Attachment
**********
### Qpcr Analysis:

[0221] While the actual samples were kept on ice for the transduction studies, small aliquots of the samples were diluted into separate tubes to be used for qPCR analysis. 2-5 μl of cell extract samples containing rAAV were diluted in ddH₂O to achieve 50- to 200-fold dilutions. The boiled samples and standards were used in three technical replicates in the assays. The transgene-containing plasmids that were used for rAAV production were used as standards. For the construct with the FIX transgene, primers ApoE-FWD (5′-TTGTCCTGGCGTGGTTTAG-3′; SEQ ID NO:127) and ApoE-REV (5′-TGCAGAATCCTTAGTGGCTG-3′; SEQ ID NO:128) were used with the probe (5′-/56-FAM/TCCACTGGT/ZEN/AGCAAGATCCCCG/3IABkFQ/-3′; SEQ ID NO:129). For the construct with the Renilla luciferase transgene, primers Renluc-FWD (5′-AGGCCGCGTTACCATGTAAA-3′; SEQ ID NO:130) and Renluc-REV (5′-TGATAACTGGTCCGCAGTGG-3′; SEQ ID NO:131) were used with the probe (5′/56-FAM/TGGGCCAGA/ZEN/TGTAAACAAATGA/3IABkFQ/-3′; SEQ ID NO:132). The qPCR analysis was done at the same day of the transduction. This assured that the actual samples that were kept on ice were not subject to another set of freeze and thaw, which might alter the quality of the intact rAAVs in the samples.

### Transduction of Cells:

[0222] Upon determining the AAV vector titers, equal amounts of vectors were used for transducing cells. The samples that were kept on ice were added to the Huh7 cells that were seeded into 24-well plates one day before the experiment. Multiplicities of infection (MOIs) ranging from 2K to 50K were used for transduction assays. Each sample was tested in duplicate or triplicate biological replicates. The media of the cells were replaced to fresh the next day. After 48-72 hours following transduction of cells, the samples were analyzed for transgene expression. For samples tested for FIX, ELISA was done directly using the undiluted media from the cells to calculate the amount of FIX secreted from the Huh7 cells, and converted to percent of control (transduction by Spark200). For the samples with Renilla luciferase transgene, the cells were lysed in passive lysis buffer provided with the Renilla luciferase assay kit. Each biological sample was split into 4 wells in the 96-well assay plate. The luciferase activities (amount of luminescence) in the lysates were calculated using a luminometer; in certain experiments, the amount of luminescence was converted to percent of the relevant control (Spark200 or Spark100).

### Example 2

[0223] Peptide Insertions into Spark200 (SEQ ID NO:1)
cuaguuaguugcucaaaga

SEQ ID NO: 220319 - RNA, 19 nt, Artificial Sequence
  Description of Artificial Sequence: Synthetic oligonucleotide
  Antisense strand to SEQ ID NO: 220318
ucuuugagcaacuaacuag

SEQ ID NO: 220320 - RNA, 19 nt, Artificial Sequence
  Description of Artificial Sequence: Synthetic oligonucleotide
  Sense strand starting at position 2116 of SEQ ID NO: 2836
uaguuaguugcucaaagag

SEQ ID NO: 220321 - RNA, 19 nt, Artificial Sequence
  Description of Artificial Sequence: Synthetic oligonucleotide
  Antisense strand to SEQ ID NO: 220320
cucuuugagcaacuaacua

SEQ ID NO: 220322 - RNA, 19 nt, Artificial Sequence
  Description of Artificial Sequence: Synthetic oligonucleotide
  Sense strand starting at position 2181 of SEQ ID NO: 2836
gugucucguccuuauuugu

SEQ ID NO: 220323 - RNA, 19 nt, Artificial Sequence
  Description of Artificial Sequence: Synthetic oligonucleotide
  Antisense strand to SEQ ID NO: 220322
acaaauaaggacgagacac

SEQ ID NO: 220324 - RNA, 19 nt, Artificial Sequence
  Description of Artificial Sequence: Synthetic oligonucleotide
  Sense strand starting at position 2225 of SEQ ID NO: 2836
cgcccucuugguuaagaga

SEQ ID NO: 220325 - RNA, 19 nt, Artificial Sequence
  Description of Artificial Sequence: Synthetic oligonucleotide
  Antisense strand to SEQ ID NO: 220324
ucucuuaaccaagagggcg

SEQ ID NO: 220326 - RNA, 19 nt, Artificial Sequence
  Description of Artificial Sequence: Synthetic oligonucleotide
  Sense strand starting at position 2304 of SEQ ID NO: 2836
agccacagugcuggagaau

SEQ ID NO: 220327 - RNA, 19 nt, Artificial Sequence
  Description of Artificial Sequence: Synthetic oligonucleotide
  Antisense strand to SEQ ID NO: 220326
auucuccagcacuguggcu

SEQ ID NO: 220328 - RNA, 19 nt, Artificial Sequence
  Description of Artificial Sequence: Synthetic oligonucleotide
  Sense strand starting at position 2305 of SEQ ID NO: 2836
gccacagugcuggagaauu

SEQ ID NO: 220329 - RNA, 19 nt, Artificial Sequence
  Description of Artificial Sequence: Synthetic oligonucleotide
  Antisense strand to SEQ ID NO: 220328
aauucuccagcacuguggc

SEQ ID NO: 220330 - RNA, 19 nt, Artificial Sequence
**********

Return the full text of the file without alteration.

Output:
### Qpcr Analysis:

[0221] While the actual samples were kept on ice for the transduction studies, small aliquots of the samples were diluted into separate tubes to be used for qPCR analysis. 2-5 μl of cell extract samples containing rAAV were diluted in ddH₂O to achieve 50- to 200-fold dilutions. The boiled samples and standards were used in three technical replicates in the assays. The transgene-containing plasmids that were used for rAAV production were used as standards. For the construct with the FIX transgene, primers ApoE-FWD (5′-TTGTCCTGGCGTGGTTTAG-3′; SEQ ID NO:127) and ApoE-REV (5′-TGCAGAATCCTTAGTGGCTG-3′; SEQ ID NO:128) were used with the probe (5′-/56-FAM/TCCACTGGT/ZEN/AGCAAGATCCCCG/3IABkFQ/-3′; SEQ ID NO:129). For the construct with the Renilla luciferase transgene, primers Renluc-FWD (5′-AGGCCGCGTTACCATGTAAA-3′; SEQ ID NO:130) and Renluc-REV (5′-TGATAACTGGTCCGCAGTGG-3′; SEQ ID NO:131) were used with the probe (5′/56-FAM/TGGGCCAGA/ZEN/TGTAAACAAATGA/3IABkFQ/-3′; SEQ ID NO:132). The qPCR analysis was done at the same day of the transduction. This assured that the actual samples that were kept on ice were not subject to another set of freeze and thaw, which might alter the quality of the intact rAAVs in the samples.

### Transduction of Cells:

[0222] Upon determining the AAV vector titers, equal amounts of vectors were used for transducing cells. The samples that were kept on ice were added to the Huh7 cells that were seeded into 24-well plates one day before the experiment. Multiplicities of infection (MOIs) ranging from 2K to 50K were used for transduction assays. Each sample was tested in duplicate or triplicate biological replicates. The media of the cells were replaced to fresh the next day. After 48-72 hours following transduction of cells, the samples were analyzed for transgene expression. For samples tested for FIX, ELISA was done directly using the undiluted media from the cells to calculate the amount of FIX secreted from the Huh7 cells, and converted to percent of control (transduction by Spark200). For the samples with Renilla luciferase transgene, the cells were lysed in passive lysis buffer provided with the Renilla luciferase assay kit. Each biological sample was split into 4 wells in the 96-well assay plate. The luciferase activities (amount of luminescence) in the lysates were calculated using a luminometer; in certain experiments, the amount of luminescence was converted to percent of the relevant control (Spark200 or Spark100).

### Example 2

[0223] Peptide Insertions into Spark200 (SEQ ID NO:1)
cuaguuaguugcucaaaga

SEQ ID NO: 220319 - RNA, 19 nt, Artificial Sequence
  Description of Artificial Sequence: Synthetic oligonucleotide
  Antisense strand to SEQ ID NO: 220318
ucuuugagcaacuaacuag

SEQ ID NO: 220320 - RNA, 19 nt, Artificial Sequence
  Description of Artificial Sequence: Synthetic oligonucleotide
  Sense strand starting at position 2116 of SEQ ID NO: 2836
uaguuaguugcucaaagag

SEQ ID NO: 220321 - RNA, 19 nt, Artificial Sequence
  Description of Artificial Sequence: Synthetic oligonucleotide
  Antisense strand to SEQ ID NO: 220320
cucuuugagcaacuaacua

SEQ ID NO: 220322 - RNA, 19 nt, Artificial Sequence
  Description of Artificial Sequence: Synthetic oligonucleotide
  Sense strand starting at position 2181 of SEQ ID NO: 2836
gugucucguccuuauuugu

SEQ ID NO: 220323 - RNA, 19 nt, Artificial Sequence
  Description of Artificial Sequence: Synthetic oligonucleotide
  Antisense strand to SEQ ID NO: 220322
acaaauaaggacgagacac

SEQ ID NO: 220324 - RNA, 19 nt, Artificial Sequence
  Description of Artificial Sequence: Synthetic oligonucleotide
  Sense strand starting at position 2225 of SEQ ID NO: 2836
cgcccucuugguuaagaga

SEQ ID NO: 220325 - RNA, 19 nt, Artificial Sequence
  Description of Artificial Sequence: Synthetic oligonucleotide
  Antisense strand to SEQ ID NO: 220324
ucucuuaaccaagagggcg

SEQ ID NO: 220326 - RNA, 19 nt, Artificial Sequence
  Description of Artificial Sequence: Synthetic oligonucleotide
  Sense strand starting at position 2304 of SEQ ID NO: 2836
agccacagugcuggagaau

SEQ ID NO: 220327 - RNA, 19 nt, Artificial Sequence
  Description of Artificial Sequence: Synthetic oligonucleotide
  Antisense strand to SEQ ID NO: 220326
auucuccagcacuguggcu

SEQ ID NO: 220328 - RNA, 19 nt, Artificial Sequence
  Description of Artificial Sequence: Synthetic oligonucleotide
  Sense strand starting at position 2305 of SEQ ID NO: 2836
gccacagugcuggagaauu

SEQ ID NO: 220329 - RNA, 19 nt, Artificial Sequence
  Description of Artificial Sequence: Synthetic oligonucleotide
  Antisense strand to SEQ ID NO: 220328
aauucuccagcacuguggc

SEQ ID NO: 220330 - RNA, 19 nt, Artificial Sequence